Iíve recently realized that all of my favourite voice actors are old news. Christine Cavanaugh has been gone for a few years, Rob Paulsen mostly does one shot characters, and Jim Cummingís reign as the Voice of Disney is coming to an end. Thereís a new generation of voice actors, and itís high time I learned their names. Jason Marsden was the first of them to grab my attention. Phil LaMarr was the next.
Someone emailed me several months ago Ė probably two years at least Ė commenting on how surprising it was that I had not made a page for Mr. LaMarr. I most likely failed to respond, and I apologise to the visitor I slighted. It was unintentional; I am rather regretfully absentminded.
At the time, I had heard of Mr. LaMarr, but was not familiar with any of his work. In fact, I was still having a difficult time keeping Phil LaMarr and LeVar Burton straight. But Iíve since become a fan (a rather large fan) of Weekenders (as well as Next Generation, so I donít make that mistake anymore), and I occasionally watch Mad TV and Static Shock.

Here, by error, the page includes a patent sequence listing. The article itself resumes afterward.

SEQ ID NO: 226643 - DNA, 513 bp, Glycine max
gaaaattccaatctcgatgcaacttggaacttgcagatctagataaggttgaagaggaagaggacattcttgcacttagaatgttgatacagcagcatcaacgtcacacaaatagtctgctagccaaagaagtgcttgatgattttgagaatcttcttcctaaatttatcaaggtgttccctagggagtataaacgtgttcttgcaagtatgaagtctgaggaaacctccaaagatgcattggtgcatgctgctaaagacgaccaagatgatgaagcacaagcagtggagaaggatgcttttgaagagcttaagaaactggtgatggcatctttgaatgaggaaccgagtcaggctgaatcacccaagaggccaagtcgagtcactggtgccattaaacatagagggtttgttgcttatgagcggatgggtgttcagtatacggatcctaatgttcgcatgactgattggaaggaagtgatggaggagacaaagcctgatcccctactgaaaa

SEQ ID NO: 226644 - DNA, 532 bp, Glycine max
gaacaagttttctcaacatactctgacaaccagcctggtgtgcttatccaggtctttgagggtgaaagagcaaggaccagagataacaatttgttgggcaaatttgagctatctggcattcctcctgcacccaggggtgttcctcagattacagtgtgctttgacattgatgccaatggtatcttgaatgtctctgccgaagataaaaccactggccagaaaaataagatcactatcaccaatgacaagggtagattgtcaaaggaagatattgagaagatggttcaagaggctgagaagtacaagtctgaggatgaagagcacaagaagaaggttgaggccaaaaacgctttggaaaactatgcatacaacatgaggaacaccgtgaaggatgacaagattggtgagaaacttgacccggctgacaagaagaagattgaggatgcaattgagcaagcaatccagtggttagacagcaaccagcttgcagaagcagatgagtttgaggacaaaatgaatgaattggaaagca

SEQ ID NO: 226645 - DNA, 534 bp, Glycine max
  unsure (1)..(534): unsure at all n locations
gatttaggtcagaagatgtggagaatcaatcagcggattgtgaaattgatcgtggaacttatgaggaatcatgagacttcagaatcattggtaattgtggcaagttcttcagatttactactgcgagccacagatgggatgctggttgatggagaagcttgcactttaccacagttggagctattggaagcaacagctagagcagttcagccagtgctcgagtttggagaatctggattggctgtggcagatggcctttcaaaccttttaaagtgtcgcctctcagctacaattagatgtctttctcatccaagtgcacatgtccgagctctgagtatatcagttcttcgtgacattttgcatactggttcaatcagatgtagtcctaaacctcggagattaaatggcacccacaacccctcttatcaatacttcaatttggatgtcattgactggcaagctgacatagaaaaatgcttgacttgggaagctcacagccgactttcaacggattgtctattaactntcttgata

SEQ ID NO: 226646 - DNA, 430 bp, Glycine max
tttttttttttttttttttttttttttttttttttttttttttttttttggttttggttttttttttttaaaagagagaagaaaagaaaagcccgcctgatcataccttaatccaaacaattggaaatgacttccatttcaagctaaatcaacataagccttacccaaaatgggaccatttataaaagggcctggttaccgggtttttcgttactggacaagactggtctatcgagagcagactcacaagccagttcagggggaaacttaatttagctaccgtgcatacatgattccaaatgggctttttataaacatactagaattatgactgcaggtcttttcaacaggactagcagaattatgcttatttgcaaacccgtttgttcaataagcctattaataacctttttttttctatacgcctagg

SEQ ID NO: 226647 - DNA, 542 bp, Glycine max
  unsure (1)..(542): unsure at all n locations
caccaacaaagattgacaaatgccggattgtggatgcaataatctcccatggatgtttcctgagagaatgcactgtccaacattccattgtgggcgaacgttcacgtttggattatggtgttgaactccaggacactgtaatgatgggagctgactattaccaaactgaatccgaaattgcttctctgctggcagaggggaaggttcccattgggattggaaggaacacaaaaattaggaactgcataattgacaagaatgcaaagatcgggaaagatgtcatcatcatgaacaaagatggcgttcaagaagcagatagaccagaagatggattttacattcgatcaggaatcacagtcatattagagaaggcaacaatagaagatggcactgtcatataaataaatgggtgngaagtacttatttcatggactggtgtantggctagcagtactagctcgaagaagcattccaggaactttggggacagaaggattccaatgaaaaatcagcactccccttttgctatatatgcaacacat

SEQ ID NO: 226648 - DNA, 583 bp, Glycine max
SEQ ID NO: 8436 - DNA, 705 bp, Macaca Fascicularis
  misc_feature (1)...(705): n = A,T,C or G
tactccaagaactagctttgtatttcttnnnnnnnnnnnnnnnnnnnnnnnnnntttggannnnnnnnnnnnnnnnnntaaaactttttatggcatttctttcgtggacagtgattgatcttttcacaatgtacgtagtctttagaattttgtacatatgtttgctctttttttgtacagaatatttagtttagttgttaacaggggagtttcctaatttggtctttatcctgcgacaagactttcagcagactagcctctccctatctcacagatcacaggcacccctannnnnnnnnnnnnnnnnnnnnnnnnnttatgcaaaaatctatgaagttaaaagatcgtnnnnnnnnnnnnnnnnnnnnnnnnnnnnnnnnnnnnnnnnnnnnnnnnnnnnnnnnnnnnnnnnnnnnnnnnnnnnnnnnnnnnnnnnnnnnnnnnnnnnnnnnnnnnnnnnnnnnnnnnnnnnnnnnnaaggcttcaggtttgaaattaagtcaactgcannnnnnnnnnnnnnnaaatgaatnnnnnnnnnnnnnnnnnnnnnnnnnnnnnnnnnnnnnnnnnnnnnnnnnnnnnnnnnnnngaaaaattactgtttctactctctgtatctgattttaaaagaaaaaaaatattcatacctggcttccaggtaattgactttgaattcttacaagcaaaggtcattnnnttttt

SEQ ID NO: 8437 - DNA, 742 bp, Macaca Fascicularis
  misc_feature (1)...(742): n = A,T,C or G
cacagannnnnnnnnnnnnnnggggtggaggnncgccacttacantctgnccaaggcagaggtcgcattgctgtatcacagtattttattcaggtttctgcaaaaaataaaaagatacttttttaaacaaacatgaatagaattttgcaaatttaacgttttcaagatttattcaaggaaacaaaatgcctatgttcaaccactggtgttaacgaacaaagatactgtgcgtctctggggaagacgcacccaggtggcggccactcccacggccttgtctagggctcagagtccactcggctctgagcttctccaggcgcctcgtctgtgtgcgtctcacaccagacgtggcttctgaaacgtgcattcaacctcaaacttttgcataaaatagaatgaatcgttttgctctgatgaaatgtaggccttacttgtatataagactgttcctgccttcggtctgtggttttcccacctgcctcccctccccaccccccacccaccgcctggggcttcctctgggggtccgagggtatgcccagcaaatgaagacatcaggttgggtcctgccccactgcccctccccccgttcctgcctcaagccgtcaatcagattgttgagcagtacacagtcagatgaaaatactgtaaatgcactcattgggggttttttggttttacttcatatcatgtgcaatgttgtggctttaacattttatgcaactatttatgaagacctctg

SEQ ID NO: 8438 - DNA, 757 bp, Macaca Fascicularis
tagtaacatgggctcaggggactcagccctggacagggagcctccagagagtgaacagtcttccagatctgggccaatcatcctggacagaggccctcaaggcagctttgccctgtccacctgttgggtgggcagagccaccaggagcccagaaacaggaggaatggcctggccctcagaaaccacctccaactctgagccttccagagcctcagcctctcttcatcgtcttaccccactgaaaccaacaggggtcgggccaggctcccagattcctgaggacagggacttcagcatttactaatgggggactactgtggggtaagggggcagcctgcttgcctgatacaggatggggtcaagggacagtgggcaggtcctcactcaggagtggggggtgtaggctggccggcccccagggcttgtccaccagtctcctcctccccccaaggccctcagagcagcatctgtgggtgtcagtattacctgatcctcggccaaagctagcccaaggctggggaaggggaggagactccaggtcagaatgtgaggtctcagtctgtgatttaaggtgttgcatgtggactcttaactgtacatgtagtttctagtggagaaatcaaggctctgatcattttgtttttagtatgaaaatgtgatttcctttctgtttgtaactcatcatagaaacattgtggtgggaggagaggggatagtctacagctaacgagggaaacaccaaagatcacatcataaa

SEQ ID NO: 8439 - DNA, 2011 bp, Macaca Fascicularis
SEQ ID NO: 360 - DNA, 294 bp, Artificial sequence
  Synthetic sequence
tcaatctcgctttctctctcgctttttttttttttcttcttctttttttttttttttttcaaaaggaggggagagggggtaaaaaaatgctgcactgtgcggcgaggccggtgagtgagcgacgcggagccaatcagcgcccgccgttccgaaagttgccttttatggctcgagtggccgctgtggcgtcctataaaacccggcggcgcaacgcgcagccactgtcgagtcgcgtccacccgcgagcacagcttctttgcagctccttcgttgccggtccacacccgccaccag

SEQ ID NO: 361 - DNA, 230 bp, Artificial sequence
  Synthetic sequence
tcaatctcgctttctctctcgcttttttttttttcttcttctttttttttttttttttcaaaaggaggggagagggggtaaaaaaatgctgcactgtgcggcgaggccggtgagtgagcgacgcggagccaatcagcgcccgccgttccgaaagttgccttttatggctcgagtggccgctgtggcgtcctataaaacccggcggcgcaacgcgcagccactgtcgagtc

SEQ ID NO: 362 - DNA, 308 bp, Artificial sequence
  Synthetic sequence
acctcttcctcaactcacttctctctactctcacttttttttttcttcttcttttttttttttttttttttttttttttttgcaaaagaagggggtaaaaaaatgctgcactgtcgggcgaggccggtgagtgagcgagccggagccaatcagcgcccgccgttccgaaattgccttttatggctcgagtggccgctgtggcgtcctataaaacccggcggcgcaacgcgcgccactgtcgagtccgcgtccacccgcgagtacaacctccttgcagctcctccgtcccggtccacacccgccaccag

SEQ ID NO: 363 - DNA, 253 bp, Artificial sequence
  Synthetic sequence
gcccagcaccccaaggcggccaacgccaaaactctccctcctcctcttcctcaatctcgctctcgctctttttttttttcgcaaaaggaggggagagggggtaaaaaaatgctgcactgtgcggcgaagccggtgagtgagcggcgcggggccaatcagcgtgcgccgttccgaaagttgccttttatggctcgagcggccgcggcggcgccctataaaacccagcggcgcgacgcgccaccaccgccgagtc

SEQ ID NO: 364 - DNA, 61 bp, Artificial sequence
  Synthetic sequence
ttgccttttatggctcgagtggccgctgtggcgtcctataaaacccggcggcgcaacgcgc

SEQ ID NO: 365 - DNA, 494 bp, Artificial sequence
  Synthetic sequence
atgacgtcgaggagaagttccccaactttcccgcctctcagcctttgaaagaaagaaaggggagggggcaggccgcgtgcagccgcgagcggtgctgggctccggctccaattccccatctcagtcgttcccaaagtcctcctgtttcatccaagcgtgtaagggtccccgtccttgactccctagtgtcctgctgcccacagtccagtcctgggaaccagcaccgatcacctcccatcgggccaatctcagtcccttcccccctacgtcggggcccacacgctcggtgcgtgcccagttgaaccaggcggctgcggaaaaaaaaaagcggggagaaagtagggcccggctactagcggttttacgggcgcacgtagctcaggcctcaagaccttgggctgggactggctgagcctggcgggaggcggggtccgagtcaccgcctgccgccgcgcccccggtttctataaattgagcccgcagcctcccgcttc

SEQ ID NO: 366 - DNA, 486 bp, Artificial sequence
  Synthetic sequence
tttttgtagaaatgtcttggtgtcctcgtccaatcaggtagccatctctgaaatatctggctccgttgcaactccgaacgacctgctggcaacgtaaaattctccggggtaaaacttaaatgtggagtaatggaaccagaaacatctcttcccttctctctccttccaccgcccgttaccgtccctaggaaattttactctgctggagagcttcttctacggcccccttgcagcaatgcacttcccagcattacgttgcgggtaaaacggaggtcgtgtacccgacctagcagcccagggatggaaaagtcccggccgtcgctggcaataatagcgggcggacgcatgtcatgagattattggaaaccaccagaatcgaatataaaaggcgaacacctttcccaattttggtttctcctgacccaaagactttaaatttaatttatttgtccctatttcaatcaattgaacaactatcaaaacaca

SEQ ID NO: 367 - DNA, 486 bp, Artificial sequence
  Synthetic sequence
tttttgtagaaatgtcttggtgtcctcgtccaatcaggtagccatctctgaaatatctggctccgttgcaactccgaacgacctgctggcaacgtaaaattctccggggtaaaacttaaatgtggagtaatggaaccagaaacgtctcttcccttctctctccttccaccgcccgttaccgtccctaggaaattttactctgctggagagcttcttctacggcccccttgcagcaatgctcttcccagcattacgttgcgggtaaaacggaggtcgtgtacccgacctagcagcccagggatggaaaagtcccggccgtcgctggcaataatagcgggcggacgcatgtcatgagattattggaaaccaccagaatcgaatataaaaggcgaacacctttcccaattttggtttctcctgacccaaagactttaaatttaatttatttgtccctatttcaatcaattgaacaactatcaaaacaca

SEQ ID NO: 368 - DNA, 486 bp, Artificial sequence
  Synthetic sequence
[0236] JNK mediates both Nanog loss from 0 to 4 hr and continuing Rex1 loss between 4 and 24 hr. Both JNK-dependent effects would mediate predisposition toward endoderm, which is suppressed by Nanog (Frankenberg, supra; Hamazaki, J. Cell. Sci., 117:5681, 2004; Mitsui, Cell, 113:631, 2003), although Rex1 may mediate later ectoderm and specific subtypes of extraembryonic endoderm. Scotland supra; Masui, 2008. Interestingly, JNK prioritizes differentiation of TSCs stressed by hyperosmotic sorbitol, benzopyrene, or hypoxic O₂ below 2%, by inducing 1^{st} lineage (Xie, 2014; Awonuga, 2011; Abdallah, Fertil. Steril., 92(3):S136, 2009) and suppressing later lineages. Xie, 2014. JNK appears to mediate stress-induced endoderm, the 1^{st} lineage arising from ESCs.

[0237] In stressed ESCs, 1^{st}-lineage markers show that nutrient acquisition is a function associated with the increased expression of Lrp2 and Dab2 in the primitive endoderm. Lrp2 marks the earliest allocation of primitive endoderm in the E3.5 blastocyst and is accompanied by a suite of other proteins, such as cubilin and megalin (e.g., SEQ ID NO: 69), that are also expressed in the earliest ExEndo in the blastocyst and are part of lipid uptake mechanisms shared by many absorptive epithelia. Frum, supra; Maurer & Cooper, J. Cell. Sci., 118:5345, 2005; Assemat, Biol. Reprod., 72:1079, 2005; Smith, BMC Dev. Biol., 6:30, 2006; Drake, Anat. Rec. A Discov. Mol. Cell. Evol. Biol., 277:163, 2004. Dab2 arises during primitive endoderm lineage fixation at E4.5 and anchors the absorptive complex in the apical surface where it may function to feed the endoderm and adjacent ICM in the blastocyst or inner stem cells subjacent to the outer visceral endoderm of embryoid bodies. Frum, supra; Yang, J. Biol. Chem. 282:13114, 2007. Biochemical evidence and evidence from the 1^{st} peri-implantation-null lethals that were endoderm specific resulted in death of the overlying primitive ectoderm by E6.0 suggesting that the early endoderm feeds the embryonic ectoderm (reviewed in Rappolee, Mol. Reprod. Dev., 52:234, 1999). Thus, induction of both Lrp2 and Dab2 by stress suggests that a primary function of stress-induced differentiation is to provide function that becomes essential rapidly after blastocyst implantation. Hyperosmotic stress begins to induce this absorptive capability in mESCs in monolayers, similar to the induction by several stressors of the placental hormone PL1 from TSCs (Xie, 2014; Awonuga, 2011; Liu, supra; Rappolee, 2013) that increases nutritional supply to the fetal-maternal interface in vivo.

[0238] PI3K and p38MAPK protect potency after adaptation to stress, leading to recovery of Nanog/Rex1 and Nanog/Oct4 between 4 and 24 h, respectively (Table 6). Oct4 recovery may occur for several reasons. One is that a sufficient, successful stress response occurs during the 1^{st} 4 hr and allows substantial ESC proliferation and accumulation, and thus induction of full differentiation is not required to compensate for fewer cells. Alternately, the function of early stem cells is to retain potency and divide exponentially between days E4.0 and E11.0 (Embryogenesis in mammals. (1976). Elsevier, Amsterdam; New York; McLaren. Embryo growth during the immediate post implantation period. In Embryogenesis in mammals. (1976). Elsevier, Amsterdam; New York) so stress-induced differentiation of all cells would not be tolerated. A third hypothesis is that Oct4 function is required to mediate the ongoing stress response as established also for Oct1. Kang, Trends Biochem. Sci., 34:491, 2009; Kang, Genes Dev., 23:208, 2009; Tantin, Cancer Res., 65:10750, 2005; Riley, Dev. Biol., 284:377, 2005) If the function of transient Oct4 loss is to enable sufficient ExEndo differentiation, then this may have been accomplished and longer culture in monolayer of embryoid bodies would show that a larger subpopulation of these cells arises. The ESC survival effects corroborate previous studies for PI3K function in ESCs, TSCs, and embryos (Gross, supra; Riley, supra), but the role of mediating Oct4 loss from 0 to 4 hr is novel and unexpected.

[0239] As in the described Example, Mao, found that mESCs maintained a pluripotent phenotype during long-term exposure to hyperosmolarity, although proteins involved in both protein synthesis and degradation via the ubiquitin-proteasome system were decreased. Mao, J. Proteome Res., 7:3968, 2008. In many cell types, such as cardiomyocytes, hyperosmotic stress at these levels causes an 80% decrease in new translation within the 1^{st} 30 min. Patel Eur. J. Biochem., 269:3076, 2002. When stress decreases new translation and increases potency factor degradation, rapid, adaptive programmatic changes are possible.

As a live actor, LaMarr shows an amazing talent on both MadTV and a few episodes of Whose Line is it Anyway? As a voice actor, he is perhaps even more impressive.
On Weekenders, LaMarr plays Carver Descartes, a terribly sarcastic young man whose inflections are enough to make up for his shallow egotism. They were also what first impressed me about Mr. LaMarr. His delivery as the character is spot on, and Carverís inflections occasionally even rival Tinoís. LaMarr is also Bluke and Coach Coulson...interesting roles, to say the least, and fabulous examples of the second thing to impress me about LaMarr Ė his range.
Among his other voice credits are Jack of Samurai Jack, Wilt of Fosterís Home for Imaginary Friends, Virgil Hawkins (aka Static of Static Shock), Hermes Conrad of Futurama, and Bolbi Stroganovsky of Jimmy Neutron. But thatís only a small portion of his work.
Created September 3, 2004.